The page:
joelja at bogus
Oct 30, 2011, 8:29 PM
Post #16 of 17
Sorry, this is late, as far as this thread goes but I think I'd add one
more thing since I've got oob networks big enough to have to add l3
boundries in them...
juniper's not the only vendor with this issue by far...
On 9/19/11 13:59 , Jonathan Lassoff wrote:
> On Mon, Sep 19, 2011 at 1:42 PM, Pavel Lunin <plunin [at] senetsy> wrote:
>> 2011/9/17 Chris Evans <chrisccnpspam2 [at] gmail>
>>> Juniper devices have out of band ethernet ports, but have the HUGE HUGE
>>> downfall of being in the main routing table conflicting with every other
>> BTW, can anyone give a good real-world example of a _routed_ OOB management
>> network usage?
>> As far as I understand the whole concept of OOB MGT IP interface was
>> invented to make the management network totally isolated from any transit
>> traffic. For security concerns, at the days when firewalls were not trusty
>> enough, when lack of Internet connection was not that big issue. If you
>> really need to implement this, you won't run into any routing conflict,
>> since it's a really separated network, will you?
>> But. Nowadays not really many folks run separate PCs for OOB MGT totally
>> apart of their LAN, corporate environment, email, Internet, etc. Even
>> some conservators may still desire this sort of design, most NMS need an
>> Internet connection to update something. In this case — yes, you bump into
>> routing conflict using fxp0, but why to use fxp0 in such a scenario?
So, I have a routed oob, and proxy-arp is your friend. the netmask on
the management interface needs to be big enough to cover your whole oob
network... organizing your addresses space such that this is feasible is
left as an exercise for the reader.
>> An only exception I know of (looks like a real design flaw by Juniper) is
>> the SRX cluster case, where you MUST use fxp0 interfaces, if you want to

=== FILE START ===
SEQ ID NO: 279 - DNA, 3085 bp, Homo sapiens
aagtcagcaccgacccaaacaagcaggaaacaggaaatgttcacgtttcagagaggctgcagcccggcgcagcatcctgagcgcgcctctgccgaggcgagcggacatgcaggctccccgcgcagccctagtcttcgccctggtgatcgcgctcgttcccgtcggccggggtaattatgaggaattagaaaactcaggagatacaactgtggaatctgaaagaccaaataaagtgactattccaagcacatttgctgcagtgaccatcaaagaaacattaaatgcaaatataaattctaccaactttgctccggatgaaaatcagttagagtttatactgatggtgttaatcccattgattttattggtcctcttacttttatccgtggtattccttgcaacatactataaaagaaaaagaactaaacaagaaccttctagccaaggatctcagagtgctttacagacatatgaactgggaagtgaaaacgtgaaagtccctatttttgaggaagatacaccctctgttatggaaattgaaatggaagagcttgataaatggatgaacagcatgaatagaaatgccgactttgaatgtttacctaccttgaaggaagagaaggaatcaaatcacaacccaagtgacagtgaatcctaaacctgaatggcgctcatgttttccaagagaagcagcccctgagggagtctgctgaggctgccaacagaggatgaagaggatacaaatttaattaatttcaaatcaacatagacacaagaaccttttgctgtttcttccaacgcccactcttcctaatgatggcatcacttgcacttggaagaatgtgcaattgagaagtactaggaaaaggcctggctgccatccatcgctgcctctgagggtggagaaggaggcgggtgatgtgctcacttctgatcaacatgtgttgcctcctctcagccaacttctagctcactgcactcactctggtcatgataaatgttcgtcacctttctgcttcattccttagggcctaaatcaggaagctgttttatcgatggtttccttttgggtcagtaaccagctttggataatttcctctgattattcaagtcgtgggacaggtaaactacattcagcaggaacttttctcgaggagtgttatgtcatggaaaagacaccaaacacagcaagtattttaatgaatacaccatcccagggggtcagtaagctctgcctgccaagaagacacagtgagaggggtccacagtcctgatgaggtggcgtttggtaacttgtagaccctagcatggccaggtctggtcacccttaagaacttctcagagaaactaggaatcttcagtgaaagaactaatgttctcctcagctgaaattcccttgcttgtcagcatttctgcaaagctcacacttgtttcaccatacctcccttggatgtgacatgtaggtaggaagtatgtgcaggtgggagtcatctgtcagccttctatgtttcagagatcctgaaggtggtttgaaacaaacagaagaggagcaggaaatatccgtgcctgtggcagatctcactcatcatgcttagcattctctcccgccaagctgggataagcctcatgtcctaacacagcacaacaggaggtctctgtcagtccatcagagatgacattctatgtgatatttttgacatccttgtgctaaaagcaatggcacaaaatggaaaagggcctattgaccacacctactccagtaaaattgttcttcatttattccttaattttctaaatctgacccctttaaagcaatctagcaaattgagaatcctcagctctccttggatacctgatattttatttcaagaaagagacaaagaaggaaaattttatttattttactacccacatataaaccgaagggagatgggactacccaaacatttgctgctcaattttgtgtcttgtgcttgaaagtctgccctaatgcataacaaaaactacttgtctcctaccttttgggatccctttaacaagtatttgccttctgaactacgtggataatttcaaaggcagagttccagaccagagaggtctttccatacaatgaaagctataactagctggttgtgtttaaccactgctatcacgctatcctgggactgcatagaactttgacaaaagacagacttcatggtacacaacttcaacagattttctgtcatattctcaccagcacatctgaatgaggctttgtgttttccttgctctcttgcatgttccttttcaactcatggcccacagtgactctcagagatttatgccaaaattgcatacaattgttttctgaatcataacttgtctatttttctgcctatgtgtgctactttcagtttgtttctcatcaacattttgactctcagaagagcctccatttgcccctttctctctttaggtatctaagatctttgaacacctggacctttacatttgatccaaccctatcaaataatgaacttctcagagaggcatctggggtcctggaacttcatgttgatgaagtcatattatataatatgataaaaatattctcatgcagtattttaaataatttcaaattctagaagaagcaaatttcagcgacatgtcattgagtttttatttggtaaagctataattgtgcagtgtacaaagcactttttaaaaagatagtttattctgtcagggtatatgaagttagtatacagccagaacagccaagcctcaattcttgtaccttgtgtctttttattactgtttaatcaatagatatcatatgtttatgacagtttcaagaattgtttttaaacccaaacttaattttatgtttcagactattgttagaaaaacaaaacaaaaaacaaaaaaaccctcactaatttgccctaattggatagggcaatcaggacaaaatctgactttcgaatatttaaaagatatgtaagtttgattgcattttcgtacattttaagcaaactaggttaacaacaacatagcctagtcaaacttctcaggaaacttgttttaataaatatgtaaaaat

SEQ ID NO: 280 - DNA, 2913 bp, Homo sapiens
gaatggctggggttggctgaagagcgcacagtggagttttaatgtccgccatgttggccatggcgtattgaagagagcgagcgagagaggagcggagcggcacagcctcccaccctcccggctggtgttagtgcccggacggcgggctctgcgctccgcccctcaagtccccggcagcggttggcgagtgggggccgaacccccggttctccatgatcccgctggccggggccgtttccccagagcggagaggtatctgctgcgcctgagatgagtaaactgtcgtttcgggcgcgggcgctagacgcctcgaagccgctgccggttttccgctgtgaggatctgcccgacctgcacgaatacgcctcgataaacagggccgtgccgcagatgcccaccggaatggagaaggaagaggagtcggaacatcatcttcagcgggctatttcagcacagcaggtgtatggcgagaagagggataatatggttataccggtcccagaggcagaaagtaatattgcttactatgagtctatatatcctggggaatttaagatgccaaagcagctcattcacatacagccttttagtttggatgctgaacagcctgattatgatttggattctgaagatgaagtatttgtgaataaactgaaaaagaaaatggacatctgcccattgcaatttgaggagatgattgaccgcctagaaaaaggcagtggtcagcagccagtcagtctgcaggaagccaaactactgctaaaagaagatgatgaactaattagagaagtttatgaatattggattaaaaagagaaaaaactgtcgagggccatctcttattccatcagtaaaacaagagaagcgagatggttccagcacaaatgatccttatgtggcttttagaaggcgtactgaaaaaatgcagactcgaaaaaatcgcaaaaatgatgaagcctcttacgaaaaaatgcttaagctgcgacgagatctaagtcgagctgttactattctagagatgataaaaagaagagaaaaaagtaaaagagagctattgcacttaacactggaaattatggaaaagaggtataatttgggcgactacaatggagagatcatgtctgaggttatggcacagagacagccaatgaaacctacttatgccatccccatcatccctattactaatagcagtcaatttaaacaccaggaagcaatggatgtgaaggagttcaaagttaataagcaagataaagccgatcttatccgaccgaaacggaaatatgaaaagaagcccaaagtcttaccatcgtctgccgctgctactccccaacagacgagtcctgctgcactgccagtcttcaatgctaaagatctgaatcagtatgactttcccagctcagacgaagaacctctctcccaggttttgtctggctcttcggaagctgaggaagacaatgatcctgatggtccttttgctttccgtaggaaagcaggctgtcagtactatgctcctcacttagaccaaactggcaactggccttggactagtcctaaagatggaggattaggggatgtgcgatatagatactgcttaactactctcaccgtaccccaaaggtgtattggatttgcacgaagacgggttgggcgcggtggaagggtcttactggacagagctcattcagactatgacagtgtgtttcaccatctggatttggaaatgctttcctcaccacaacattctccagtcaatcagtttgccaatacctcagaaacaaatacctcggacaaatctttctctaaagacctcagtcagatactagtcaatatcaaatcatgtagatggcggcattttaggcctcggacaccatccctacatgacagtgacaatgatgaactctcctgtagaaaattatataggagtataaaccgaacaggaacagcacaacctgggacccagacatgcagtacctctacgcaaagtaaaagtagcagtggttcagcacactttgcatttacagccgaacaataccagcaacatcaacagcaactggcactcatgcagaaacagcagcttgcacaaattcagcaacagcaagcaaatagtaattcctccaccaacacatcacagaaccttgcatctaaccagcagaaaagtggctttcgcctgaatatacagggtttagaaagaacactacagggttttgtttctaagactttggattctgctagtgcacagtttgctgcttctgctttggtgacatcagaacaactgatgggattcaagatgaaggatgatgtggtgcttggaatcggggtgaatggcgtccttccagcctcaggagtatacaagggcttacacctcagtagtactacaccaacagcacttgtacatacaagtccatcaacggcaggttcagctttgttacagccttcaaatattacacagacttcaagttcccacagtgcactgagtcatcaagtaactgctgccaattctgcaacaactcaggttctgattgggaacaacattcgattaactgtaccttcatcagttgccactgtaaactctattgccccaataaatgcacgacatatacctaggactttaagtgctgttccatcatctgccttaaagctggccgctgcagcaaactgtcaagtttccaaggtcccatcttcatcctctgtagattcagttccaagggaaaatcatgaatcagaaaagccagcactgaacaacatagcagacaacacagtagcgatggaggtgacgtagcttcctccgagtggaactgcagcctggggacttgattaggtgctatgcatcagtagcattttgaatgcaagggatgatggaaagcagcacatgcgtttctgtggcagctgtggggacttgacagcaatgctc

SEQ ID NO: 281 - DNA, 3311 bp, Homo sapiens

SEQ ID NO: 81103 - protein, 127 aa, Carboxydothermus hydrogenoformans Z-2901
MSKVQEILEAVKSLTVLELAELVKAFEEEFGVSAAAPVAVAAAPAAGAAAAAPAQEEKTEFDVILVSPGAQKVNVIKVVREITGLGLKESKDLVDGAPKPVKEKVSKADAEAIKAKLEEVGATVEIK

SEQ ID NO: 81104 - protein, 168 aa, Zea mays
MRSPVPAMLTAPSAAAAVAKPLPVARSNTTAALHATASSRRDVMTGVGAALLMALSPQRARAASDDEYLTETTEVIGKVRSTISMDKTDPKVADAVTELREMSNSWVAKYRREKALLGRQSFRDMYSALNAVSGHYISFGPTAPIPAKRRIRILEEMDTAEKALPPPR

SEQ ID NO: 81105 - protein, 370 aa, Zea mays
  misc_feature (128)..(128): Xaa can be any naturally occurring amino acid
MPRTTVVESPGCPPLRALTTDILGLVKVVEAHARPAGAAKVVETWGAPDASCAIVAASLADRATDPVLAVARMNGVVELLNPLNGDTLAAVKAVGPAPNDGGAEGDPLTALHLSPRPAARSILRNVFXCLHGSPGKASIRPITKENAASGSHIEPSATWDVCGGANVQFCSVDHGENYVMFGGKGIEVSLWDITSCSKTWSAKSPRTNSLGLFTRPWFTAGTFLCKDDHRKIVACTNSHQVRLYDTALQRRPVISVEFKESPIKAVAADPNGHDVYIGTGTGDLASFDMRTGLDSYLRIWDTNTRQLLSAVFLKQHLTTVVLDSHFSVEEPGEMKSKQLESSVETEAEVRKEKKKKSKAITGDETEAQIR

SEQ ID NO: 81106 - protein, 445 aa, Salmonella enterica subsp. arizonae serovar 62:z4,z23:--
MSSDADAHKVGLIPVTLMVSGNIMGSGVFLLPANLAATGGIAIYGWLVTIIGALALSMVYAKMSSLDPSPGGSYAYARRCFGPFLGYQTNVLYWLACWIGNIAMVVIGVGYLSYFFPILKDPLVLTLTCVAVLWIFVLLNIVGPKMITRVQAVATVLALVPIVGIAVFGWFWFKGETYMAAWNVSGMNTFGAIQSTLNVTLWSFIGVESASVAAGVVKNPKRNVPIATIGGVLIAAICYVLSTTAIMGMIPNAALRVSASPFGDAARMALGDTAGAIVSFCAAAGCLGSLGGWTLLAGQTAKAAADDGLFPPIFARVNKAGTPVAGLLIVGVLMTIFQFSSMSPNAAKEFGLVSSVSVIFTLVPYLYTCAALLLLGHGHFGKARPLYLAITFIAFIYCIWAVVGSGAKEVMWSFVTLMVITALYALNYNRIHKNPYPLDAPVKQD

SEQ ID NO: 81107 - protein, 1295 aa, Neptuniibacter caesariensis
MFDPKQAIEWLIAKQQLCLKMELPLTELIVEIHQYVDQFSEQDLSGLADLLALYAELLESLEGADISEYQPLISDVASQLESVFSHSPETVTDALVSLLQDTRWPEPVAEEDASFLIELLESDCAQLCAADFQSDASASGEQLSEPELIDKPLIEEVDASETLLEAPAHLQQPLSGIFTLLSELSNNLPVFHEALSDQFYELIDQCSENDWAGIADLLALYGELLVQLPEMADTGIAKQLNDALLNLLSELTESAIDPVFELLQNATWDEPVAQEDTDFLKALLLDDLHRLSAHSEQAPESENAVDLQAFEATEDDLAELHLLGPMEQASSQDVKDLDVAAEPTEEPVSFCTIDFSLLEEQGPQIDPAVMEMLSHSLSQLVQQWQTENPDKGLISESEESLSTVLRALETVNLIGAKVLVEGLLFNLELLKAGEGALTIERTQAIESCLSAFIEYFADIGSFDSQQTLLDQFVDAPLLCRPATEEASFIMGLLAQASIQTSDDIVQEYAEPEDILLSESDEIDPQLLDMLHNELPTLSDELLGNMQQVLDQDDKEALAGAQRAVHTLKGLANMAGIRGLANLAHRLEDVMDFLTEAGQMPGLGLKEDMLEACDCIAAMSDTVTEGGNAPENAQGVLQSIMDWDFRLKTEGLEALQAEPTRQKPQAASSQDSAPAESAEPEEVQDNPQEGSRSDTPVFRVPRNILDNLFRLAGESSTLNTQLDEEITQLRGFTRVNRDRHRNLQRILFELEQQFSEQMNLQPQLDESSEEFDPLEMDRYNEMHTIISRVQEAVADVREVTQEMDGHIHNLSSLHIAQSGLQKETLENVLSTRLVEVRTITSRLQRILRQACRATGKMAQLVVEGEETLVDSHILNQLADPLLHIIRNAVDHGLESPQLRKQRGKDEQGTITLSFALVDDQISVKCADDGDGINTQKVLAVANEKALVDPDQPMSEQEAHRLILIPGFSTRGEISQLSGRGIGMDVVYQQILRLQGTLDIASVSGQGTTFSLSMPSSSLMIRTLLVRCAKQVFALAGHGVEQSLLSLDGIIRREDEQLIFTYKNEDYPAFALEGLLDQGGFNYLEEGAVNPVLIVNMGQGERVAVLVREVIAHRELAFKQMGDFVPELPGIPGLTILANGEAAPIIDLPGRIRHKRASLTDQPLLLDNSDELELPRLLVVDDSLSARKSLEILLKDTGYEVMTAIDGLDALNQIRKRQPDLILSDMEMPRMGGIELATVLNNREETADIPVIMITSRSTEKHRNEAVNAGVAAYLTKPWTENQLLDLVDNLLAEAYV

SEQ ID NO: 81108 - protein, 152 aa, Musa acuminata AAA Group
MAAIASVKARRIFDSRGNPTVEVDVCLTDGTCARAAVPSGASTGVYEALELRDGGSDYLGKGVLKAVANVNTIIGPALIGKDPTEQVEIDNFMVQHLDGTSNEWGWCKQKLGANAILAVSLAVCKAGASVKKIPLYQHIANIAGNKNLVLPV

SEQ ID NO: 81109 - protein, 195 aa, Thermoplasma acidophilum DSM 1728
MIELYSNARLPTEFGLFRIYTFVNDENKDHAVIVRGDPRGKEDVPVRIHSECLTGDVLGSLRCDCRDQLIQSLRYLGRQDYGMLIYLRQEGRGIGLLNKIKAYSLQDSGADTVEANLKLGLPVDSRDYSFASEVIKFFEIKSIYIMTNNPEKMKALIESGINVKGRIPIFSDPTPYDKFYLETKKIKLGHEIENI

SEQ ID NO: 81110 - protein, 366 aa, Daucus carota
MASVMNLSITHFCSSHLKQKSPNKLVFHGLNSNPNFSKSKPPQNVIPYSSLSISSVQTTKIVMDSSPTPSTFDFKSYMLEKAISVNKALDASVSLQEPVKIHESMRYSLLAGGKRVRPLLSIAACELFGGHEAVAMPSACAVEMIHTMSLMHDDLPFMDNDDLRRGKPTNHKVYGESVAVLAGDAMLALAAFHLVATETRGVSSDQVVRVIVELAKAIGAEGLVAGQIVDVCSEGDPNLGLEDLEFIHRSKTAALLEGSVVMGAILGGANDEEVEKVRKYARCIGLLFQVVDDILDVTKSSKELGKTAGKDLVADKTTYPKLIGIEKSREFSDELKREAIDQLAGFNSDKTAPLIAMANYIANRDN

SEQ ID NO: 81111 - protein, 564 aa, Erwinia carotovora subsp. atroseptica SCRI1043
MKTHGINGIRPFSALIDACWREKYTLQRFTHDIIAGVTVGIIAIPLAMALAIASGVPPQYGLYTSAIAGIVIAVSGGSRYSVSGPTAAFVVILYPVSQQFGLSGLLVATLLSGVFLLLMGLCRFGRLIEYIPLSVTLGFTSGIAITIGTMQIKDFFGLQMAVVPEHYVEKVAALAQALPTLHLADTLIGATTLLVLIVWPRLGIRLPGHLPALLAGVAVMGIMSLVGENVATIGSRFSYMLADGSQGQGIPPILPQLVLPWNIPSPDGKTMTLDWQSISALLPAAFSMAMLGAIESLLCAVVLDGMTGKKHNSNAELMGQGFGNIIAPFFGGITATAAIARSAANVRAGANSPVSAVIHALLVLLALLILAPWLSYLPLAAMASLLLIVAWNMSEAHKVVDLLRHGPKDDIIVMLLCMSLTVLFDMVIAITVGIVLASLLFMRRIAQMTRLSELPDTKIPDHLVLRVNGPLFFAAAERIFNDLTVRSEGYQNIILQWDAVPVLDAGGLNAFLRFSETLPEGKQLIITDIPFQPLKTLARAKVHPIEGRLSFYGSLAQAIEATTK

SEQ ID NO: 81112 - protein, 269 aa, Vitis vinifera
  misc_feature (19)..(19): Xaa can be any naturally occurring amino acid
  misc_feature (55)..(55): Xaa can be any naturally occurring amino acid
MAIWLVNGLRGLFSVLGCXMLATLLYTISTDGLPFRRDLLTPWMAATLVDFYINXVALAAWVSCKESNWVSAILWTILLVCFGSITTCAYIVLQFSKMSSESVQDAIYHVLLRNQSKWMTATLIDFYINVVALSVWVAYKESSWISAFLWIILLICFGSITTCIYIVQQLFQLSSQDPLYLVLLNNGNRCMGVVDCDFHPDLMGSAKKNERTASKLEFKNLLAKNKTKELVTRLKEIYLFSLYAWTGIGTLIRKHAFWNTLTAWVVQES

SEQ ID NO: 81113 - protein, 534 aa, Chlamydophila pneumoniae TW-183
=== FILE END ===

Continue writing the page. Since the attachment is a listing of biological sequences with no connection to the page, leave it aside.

>> have access to particular members of a cluster. Otherwise you can only
>> access a virtual devise as a whole, with no clue which particular node you
>> connect to. Not so big problem in real world, to be honest, but if you are
>> required to connect it to, say, NSM, which goes to the Internet through
>> same SRX cluster, you got a real pain in the rear (workarounds exist, of
>> Sure, there are some good applications of fxp0 in field, but this does not
>> much relate to real routing issues.
> I see two ways one can go about this. Either programmatically tunnel into an
> OOB L2 segment via a "bastion" host in an on-demand fashion, or point some
> routes (dynamically, or otherwise) into your internal network for management
> The risk of pointing routes into your internal network, IMO, is that
> very-specific ACLs for management access can begin to have a blurred
> distinction. RFC-1918 space can overlap, and public IPs within an internal
> network can sometimes overlap with an active transit path.
> It's more work to script things to work nicely, but I believe the dynamic
> tunneling method is the safer thing to do.
> In the spirit of Junipers clean separation of the data and forwarding
> planes, it seems too bad that they end up using the kernel routing table to
> hold what goes in the forwarding hardware as well.
> If you have the blessing of being able to have an all-J network, or one with
> devices that all support multiple routing tables and routing protocol
> separation (a la logical systems, or routing instance) -- setting up
> separate routing tables for management vs. traffic-carrying is probably a
> good thing.
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